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Sleep deprivation makes false confessions more likely

Police in New Jersey are trained to use the same techniques that authorities in other areas use when eliciting a confession during an interrogation. A new study has found that sleep deprivation makes the possibility of signing a false confession far more likely. The study was conducted at Michigan State University and involved 88 participants who completed computer activities and a cognitive test during a week-long period.

The participants were told not to hit the keyboard's escape key at any time during the activities because this could cause the computer to lose valuable data. On the final day, one group slept for eight hours prior to the lab session while the other group stayed up all night. Each participant was shown a summary of his or her activities, including a false allegation that they had hit the escape key. Participants were asked to sign the summary to confirm its accuracy.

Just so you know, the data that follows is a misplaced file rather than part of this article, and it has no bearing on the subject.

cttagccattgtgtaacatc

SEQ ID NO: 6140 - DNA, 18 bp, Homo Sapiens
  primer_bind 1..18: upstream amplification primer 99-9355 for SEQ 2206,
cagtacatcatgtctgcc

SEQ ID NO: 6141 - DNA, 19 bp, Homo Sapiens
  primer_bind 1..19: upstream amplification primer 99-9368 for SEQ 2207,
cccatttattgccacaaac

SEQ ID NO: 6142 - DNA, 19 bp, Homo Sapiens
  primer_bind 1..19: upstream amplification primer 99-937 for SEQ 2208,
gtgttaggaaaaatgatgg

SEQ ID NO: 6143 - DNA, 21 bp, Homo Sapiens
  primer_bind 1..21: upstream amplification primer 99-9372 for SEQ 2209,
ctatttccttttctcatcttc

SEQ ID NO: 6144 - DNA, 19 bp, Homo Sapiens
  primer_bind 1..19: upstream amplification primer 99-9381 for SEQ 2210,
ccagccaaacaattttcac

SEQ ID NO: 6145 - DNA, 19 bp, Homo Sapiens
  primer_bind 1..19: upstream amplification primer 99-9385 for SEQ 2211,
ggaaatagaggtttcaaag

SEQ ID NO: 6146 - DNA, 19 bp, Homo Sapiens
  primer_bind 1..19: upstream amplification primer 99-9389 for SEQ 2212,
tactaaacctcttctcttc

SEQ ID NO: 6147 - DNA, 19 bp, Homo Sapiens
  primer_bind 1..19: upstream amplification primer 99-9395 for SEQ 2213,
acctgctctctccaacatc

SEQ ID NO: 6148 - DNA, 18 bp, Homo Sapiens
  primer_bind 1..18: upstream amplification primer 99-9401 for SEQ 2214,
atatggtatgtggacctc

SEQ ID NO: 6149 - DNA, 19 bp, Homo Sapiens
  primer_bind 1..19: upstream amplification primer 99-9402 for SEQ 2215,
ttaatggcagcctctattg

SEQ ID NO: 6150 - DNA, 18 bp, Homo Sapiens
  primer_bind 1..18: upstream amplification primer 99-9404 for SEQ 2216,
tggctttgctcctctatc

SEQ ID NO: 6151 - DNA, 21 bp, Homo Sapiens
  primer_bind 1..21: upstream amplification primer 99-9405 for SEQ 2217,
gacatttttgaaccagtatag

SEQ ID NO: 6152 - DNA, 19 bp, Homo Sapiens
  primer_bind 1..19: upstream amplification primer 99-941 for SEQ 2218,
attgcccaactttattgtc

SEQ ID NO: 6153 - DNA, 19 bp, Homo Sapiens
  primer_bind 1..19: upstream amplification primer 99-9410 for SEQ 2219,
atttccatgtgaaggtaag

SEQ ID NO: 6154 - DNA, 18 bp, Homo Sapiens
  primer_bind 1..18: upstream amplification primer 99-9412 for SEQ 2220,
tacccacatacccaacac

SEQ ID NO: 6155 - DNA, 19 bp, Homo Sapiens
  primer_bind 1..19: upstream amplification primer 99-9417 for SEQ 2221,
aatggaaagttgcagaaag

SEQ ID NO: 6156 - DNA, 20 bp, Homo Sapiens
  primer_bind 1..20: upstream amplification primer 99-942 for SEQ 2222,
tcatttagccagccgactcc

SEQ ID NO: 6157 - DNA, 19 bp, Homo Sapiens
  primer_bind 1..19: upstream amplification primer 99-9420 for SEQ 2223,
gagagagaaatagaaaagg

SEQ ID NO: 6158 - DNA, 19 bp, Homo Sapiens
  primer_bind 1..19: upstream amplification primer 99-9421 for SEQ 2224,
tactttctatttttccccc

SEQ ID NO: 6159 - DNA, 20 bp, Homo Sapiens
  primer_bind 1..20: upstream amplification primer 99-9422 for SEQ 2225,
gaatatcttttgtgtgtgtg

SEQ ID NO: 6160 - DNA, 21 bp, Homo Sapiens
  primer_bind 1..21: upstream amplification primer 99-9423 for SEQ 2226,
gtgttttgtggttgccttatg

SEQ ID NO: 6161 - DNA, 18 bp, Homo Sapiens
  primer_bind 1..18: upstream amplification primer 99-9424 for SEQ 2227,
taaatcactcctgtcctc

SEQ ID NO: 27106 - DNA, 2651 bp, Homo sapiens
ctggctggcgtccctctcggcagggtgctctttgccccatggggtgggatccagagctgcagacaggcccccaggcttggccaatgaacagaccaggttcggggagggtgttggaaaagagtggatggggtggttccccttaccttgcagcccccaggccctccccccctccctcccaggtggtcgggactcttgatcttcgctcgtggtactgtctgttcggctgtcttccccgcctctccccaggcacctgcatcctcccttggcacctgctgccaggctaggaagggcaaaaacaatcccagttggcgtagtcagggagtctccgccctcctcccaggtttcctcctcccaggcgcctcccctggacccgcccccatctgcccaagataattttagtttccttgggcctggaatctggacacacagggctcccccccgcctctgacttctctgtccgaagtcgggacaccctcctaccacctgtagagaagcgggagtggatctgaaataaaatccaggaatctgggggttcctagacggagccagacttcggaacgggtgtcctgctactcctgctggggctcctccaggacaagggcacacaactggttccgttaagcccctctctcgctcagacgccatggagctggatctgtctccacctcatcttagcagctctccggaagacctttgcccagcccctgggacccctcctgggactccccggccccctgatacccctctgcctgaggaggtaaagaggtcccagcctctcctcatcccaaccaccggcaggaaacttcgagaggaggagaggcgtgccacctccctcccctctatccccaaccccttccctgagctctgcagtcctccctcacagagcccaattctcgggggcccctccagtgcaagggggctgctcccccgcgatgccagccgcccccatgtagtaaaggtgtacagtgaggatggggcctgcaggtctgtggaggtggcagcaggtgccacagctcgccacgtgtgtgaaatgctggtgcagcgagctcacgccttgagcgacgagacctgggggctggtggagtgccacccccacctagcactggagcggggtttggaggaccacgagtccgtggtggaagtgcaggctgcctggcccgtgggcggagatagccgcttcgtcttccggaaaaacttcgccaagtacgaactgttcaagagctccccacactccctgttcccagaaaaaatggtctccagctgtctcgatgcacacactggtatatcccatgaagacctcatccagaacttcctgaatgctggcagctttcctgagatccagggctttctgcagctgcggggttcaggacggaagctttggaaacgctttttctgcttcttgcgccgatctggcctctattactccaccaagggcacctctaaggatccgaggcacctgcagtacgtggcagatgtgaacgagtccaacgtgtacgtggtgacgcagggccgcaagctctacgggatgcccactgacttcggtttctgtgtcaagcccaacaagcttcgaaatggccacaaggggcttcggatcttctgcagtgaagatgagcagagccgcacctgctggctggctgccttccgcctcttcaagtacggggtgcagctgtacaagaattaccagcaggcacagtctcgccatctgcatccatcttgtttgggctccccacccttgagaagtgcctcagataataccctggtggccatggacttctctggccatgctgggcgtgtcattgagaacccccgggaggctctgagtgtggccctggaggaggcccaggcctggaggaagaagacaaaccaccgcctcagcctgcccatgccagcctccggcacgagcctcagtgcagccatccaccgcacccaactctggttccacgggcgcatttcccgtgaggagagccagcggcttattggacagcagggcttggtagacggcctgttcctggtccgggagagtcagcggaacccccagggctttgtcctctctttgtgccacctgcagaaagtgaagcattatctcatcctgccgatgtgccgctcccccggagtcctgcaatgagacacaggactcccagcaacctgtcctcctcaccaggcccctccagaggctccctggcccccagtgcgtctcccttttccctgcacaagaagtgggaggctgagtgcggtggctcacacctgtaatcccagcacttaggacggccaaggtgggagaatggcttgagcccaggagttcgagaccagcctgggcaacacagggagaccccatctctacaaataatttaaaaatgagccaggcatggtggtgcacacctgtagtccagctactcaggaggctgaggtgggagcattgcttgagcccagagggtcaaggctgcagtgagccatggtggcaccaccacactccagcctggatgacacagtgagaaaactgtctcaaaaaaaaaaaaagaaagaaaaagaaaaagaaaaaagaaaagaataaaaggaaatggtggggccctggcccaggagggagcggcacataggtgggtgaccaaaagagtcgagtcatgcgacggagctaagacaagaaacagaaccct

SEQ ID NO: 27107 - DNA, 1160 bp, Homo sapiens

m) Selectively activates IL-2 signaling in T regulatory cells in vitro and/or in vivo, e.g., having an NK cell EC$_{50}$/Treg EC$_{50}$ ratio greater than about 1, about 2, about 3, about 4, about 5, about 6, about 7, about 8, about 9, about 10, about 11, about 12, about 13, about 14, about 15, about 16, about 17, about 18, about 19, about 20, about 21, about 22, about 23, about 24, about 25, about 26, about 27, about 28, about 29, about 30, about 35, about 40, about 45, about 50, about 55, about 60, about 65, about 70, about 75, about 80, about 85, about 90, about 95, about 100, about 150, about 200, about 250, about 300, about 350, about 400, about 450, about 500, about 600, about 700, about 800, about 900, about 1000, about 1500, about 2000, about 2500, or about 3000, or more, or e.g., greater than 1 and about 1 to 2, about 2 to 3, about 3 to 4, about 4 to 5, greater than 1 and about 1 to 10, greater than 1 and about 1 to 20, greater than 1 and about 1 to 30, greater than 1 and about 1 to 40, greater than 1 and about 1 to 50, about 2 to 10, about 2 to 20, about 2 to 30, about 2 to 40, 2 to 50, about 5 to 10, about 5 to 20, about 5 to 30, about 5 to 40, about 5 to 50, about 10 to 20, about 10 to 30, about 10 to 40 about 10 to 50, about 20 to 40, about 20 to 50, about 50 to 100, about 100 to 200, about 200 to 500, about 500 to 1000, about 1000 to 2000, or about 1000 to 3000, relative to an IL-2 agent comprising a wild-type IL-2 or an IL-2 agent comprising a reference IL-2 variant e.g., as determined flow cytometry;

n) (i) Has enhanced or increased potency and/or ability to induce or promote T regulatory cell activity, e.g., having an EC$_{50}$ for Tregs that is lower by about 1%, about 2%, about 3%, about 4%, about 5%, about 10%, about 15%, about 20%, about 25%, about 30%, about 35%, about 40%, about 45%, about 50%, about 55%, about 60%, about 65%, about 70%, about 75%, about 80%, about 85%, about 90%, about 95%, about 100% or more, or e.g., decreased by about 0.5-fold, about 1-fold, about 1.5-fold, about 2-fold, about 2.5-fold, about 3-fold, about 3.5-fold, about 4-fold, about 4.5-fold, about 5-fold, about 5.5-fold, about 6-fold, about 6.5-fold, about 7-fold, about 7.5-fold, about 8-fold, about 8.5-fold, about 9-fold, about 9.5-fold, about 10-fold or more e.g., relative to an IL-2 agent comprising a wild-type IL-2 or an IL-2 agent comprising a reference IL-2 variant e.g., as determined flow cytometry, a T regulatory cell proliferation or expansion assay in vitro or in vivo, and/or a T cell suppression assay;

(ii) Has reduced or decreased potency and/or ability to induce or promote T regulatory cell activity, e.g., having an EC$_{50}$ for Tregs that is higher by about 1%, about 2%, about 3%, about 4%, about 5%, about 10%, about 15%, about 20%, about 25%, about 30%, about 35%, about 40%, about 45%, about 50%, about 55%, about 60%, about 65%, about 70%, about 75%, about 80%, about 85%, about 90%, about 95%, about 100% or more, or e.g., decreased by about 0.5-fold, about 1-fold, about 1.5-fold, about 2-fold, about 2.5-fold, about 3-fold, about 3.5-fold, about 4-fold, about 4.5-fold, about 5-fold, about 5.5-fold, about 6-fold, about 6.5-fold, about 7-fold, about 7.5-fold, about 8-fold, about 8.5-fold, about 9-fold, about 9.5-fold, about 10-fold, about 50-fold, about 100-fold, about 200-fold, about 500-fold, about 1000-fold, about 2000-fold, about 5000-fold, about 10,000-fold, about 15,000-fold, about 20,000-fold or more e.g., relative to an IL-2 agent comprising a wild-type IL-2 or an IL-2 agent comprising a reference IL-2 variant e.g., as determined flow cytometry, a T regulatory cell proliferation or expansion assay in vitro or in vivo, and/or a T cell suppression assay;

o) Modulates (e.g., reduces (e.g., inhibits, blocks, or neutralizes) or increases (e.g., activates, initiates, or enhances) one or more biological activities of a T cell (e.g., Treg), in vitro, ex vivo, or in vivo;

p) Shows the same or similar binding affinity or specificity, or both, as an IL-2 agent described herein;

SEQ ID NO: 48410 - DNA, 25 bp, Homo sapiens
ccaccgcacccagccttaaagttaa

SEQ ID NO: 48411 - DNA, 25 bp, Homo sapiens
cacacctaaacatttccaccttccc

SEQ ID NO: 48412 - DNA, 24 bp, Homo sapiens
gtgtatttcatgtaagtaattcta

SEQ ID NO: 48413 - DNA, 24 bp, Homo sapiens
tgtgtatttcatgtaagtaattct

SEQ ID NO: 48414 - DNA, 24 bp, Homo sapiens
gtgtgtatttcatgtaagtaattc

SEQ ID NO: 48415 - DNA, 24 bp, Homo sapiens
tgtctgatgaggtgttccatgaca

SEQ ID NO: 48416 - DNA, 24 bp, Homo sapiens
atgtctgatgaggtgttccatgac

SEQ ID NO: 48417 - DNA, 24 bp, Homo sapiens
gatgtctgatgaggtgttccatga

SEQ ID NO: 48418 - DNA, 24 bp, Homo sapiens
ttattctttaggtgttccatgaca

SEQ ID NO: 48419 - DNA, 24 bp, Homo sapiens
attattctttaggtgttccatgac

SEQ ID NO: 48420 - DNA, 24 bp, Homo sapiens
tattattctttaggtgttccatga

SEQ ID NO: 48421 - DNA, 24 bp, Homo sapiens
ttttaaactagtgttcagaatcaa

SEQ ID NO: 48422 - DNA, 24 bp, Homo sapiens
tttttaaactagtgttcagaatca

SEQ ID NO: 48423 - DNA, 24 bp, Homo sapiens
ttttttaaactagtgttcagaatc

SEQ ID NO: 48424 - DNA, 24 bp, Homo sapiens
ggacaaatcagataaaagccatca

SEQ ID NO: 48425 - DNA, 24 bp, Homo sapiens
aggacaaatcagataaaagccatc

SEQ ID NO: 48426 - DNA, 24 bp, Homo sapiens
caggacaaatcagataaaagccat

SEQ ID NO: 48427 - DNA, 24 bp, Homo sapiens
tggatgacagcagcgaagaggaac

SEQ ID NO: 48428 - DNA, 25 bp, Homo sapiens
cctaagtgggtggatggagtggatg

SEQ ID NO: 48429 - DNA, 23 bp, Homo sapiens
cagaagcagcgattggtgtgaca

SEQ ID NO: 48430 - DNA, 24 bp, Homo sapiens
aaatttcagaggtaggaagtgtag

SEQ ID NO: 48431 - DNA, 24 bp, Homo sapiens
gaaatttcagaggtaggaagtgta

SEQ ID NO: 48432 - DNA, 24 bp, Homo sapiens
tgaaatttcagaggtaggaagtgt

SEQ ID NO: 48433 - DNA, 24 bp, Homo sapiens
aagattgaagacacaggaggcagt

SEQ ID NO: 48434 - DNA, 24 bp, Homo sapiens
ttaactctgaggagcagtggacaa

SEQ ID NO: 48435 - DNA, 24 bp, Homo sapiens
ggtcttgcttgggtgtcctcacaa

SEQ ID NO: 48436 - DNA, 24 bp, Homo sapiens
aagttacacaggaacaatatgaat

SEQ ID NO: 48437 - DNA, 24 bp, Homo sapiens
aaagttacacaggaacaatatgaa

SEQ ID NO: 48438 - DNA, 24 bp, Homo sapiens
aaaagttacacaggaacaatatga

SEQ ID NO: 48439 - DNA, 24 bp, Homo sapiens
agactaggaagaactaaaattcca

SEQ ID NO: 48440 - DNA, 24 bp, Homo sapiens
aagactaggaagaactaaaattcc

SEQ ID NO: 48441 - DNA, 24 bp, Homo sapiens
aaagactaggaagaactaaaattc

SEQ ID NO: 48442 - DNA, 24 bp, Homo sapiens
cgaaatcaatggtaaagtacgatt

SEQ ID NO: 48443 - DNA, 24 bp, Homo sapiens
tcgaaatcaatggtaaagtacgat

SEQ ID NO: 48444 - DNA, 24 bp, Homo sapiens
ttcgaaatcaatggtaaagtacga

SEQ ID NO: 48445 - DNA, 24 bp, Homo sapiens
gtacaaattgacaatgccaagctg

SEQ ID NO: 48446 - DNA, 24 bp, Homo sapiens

The study found that 50 percent of the sleep-deprived subjects signed the summary containing false information while only 18 percent of the well-rested participants signed it. Sleep deprivation also impacted the subjects' performance on a cognitive test.

Sleep deprivation is common during an interrogation when questioning occurs over a period of hours or even days in some cases. False confessions are believed to account for about 15 to 25 percent of wrongful convictions.

Once a person has confessed to criminal allegations, a conviction becomes much more likely. Many people believe that an innocent person wouldn't confess to something that they didn't do; however, awareness about the frequency of false confessions is increasing. It is a good idea for anyone who has been accused of a crime to consult with a criminal defense attorney at the earliest possible stage of the investigation.

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